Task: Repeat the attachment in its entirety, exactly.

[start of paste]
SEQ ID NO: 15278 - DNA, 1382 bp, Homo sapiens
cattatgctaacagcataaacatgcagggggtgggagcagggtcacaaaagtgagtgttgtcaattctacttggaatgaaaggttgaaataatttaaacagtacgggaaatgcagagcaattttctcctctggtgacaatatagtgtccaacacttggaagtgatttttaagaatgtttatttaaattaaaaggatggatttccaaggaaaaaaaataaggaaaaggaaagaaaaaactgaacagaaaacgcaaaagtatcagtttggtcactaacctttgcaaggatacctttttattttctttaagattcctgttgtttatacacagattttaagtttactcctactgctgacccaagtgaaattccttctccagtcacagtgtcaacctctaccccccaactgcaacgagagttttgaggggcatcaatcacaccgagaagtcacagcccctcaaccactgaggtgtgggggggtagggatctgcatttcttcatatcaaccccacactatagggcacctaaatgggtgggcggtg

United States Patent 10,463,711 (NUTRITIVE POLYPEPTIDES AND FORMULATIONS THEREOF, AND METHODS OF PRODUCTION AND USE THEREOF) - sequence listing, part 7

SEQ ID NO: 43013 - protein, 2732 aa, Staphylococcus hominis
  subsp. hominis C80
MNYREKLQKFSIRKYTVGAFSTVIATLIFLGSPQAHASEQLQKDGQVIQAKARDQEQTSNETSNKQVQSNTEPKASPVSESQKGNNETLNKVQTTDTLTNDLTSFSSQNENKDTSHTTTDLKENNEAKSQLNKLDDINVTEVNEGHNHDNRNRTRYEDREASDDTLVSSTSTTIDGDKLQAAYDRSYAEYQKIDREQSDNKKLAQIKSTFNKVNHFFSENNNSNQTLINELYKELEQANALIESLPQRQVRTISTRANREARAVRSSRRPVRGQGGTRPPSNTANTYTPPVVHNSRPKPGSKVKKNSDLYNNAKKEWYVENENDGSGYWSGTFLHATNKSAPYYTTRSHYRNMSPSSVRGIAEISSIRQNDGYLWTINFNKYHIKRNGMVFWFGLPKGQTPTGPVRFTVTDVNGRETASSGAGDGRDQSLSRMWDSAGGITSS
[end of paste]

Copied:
SEQ ID NO: 15278 - DNA, 1382 bp, Homo sapiens
cattatgctaacagcataaacatgcagggggtgggagcagggtcacaaaagtgagtgttgtcaattctacttggaatgaaaggttgaaataatttaaacagtacgggaaatgcagagcaattttctcctctggtgacaatatagtgtccaacacttggaagtgatttttaagaatgtttatttaaattaaaaggatggatttccaaggaaaaaaaataaggaaaaggaaagaaaaaactgaacagaaaacgcaaaagtatcagtttggtcactaacctttgcaaggatacctttttattttctttaagattcctgttgtttatacacagattttaagtttactcctactgctgacccaagtgaaattccttctccagtcacagtgtcaacctctaccccccaactgcaacgagagttttgaggggcatcaatcacaccgagaagtcacagcccctcaaccactgaggtgtgggggggtagggatctgcatttcttcatatcaaccccacactatagggcacctaaatgggtgggcggtg

United States Patent 10,463,711 (NUTRITIVE POLYPEPTIDES AND FORMULATIONS THEREOF, AND METHODS OF PRODUCTION AND USE THEREOF) - sequence listing, part 7

SEQ ID NO: 43013 - protein, 2732 aa, Staphylococcus hominis
  subsp. hominis C80
MNYREKLQKFSIRKYTVGAFSTVIATLIFLGSPQAHASEQLQKDGQVIQAKARDQEQTSNETSNKQVQSNTEPKASPVSESQKGNNETLNKVQTTDTLTNDLTSFSSQNENKDTSHTTTDLKENNEAKSQLNKLDDINVTEVNEGHNHDNRNRTRYEDREASDDTLVSSTSTTIDGDKLQAAYDRSYAEYQKIDREQSDNKKLAQIKSTFNKVNHFFSENNNSNQTLINELYKELEQANALIESLPQRQVRTISTRANREARAVRSSRRPVRGQGGTRPPSNTANTYTPPVVHNSRPKPGSKVKKNSDLYNNAKKEWYVENENDGSGYWSGTFLHATNKSAPYYTTRSHYRNMSPSSVRGIAEISSIRQNDGYLWTINFNKYHIKRNGMVFWFGLPKGQTPTGPVRFTVTDVNGRETASSGAGDGRDQSLSRMWDSAGGITSS